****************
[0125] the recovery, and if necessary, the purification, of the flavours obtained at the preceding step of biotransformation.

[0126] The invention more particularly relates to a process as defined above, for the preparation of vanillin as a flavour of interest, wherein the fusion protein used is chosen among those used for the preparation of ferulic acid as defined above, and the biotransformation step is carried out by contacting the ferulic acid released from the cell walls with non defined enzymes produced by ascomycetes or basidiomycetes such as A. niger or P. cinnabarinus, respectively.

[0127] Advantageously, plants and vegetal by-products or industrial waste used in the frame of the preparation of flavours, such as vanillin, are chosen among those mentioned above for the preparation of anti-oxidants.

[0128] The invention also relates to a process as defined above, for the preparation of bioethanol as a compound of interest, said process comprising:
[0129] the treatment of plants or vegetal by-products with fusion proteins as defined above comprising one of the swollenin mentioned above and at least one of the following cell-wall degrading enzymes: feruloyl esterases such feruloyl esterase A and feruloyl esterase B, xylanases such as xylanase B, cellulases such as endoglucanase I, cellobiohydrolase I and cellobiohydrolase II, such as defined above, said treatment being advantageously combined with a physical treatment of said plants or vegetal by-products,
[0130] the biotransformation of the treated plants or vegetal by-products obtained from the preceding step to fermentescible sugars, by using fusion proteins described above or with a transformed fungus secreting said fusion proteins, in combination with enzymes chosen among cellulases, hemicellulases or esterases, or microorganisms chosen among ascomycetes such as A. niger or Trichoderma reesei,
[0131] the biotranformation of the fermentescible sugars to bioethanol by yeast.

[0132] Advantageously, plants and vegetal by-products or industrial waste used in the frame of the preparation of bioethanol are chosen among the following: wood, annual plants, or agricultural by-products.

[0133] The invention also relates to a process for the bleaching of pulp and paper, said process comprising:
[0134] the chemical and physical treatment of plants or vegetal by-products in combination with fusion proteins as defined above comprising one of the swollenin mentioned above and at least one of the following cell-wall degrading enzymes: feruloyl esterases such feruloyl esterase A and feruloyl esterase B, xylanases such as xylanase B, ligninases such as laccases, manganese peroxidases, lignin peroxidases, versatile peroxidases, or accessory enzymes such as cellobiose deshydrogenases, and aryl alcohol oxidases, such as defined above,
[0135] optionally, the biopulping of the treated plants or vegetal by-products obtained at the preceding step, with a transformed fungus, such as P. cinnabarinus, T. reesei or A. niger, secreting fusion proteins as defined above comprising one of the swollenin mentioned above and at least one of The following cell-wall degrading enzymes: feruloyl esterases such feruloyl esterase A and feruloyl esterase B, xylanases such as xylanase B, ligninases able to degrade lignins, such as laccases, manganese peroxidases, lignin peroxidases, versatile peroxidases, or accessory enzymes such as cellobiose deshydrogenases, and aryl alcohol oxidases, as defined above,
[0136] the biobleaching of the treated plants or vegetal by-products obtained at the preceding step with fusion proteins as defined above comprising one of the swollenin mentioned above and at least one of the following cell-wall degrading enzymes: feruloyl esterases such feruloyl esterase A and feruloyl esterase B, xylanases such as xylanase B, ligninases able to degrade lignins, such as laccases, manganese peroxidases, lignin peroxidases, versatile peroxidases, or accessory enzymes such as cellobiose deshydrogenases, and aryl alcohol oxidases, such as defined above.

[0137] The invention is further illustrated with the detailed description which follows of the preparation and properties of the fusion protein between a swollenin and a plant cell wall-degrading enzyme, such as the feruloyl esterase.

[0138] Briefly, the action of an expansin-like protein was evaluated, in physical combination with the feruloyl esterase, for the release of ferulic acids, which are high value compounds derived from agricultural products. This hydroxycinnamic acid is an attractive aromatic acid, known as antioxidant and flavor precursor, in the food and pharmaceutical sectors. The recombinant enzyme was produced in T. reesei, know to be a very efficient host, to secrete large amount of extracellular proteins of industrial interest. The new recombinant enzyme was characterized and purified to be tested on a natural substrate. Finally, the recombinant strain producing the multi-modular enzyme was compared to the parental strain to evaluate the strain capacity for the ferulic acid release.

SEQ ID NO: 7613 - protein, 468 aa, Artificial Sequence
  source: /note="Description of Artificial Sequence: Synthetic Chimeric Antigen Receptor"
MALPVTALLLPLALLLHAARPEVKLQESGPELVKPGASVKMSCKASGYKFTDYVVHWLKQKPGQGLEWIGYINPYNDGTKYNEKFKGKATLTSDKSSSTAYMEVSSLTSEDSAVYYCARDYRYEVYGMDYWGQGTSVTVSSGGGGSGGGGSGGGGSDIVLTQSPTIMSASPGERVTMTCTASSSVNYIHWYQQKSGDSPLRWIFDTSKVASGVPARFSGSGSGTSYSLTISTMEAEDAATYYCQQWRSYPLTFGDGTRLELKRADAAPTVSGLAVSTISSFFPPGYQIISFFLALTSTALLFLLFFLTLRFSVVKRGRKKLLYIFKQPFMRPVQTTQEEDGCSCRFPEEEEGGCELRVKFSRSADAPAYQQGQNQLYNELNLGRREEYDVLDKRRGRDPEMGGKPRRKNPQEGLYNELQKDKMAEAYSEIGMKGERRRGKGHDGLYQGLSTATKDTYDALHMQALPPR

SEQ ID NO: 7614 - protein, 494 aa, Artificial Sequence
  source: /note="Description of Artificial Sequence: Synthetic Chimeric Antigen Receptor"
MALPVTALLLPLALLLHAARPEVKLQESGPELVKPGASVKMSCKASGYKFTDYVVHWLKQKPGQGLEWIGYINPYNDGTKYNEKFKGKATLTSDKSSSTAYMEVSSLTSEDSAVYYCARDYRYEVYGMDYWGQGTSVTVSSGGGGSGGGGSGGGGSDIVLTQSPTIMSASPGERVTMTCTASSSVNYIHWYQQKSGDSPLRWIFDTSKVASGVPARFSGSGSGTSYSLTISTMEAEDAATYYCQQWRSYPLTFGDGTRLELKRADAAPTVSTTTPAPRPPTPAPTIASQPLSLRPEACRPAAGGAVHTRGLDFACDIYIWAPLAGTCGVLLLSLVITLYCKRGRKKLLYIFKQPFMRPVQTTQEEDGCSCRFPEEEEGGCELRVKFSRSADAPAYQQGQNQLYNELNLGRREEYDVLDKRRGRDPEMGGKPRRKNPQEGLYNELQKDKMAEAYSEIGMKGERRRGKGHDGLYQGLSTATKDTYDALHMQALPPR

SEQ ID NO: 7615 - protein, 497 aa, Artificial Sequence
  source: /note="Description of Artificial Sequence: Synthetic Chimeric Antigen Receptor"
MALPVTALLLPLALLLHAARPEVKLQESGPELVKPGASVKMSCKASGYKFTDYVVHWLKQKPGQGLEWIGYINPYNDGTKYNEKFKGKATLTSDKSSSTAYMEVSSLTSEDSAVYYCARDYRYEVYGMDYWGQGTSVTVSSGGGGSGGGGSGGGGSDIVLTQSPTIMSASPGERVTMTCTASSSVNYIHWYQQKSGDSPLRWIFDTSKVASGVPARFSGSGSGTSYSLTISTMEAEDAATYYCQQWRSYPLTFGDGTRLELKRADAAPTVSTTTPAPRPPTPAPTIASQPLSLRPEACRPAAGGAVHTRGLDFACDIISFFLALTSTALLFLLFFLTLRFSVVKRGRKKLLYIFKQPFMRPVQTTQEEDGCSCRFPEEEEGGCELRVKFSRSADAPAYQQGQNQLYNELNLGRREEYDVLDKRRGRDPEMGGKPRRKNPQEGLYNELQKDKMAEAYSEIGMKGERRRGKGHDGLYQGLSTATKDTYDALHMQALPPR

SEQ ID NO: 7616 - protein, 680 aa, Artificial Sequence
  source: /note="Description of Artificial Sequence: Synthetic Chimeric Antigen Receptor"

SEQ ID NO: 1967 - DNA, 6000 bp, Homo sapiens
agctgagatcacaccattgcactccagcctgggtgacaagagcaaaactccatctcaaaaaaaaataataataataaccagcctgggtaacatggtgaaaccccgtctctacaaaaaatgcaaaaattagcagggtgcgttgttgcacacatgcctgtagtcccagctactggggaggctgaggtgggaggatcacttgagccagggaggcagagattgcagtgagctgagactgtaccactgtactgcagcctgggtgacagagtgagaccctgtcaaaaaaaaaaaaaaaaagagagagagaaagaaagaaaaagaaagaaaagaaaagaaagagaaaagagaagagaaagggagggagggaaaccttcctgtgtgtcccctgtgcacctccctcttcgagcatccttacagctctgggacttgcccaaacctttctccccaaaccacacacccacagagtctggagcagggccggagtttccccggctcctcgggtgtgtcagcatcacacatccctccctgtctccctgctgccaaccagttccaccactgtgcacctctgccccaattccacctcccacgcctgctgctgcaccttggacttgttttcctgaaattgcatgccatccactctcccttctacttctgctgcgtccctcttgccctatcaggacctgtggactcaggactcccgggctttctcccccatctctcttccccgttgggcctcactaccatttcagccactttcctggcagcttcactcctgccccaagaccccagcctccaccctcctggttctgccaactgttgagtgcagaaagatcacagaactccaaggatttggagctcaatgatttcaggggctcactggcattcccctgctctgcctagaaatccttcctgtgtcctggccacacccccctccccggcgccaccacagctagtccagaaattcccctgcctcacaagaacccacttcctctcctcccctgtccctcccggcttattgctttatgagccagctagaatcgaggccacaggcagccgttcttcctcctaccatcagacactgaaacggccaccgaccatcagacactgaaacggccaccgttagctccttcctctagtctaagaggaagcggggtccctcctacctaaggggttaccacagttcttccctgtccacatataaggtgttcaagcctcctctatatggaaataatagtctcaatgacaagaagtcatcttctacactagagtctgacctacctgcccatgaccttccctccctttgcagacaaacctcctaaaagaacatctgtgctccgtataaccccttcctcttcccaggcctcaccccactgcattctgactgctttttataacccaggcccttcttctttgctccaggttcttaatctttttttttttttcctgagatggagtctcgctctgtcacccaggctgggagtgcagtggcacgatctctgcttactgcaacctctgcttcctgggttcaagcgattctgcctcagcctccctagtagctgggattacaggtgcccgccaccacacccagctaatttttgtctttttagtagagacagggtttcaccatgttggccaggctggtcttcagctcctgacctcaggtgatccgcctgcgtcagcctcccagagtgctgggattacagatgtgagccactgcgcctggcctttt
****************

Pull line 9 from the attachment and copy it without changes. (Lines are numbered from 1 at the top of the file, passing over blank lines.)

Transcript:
[0133] The invention also relates to a process for the bleaching of pulp and paper, said process comprising: